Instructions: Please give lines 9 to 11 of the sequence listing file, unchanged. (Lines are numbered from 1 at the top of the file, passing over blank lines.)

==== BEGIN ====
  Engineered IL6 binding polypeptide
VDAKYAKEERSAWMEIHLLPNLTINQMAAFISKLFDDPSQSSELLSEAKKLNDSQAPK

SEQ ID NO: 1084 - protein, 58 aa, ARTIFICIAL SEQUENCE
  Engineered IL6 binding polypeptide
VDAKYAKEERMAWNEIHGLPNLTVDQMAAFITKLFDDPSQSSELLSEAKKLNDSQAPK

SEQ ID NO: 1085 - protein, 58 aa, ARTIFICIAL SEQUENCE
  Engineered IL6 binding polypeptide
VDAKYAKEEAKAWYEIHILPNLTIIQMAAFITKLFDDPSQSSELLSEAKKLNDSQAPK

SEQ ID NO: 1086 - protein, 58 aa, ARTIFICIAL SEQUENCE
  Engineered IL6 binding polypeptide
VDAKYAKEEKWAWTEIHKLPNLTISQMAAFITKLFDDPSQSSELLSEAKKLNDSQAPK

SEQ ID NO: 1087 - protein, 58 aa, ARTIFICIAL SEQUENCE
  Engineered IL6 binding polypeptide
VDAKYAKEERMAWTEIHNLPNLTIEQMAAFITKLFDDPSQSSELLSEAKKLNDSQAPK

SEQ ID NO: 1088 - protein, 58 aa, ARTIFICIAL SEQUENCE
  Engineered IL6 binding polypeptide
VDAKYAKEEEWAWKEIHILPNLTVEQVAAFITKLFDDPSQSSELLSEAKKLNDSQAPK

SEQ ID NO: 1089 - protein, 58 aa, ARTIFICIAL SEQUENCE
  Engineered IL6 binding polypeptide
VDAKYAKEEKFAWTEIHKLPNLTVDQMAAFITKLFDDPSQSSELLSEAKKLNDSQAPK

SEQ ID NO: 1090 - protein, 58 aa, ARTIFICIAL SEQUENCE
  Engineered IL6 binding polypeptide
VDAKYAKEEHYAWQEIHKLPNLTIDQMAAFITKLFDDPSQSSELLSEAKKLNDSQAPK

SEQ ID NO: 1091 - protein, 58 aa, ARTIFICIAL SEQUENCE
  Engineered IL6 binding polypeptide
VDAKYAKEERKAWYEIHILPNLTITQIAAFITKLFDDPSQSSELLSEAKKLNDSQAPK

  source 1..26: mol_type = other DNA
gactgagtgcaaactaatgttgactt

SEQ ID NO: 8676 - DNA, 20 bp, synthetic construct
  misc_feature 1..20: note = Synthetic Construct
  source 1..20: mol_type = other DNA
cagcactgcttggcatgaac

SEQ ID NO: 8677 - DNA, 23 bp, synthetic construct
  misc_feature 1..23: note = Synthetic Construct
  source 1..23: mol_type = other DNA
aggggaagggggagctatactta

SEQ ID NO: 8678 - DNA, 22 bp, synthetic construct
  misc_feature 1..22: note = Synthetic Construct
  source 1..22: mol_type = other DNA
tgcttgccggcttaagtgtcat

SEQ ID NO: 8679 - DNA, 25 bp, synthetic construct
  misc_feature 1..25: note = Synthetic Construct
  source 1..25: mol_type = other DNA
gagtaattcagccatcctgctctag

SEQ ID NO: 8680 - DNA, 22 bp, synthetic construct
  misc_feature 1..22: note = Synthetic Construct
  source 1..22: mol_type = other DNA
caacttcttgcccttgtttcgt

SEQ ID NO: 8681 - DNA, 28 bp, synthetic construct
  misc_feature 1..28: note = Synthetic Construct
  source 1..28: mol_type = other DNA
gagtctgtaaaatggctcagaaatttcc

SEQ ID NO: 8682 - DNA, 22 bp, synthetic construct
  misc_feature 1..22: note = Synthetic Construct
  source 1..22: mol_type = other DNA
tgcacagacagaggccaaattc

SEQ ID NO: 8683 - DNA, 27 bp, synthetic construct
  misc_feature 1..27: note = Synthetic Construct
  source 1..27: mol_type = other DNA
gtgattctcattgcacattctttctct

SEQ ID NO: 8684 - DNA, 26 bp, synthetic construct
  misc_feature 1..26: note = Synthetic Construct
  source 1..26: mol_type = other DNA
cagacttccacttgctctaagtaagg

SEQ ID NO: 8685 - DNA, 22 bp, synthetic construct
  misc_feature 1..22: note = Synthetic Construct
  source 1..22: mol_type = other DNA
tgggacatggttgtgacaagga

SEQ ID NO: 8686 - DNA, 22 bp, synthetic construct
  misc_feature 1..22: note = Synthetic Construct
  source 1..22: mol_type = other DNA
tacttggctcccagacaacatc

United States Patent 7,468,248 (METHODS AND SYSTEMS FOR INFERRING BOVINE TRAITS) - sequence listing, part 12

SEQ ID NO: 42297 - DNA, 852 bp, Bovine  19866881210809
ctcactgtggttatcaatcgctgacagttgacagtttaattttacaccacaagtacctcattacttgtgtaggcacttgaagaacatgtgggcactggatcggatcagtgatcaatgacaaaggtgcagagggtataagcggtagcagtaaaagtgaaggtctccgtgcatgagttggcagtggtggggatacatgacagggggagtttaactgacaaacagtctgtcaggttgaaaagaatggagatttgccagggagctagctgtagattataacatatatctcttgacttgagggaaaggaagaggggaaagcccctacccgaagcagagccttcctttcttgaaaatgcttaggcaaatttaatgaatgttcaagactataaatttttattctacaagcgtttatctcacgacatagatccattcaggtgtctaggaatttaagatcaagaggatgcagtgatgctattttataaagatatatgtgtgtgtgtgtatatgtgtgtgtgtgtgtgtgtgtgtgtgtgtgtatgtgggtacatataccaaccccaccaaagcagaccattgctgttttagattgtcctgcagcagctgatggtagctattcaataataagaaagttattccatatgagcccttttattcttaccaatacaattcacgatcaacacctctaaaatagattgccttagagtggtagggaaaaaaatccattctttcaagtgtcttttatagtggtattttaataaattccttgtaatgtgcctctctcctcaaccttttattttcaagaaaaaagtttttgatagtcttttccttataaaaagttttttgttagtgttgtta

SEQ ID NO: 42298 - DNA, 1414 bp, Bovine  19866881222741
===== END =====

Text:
SEQ ID NO: 1086 - protein, 58 aa, ARTIFICIAL SEQUENCE
  Engineered IL6 binding polypeptide
VDAKYAKEEKWAWTEIHKLPNLTISQMAAFITKLFDDPSQSSELLSEAKKLNDSQAPK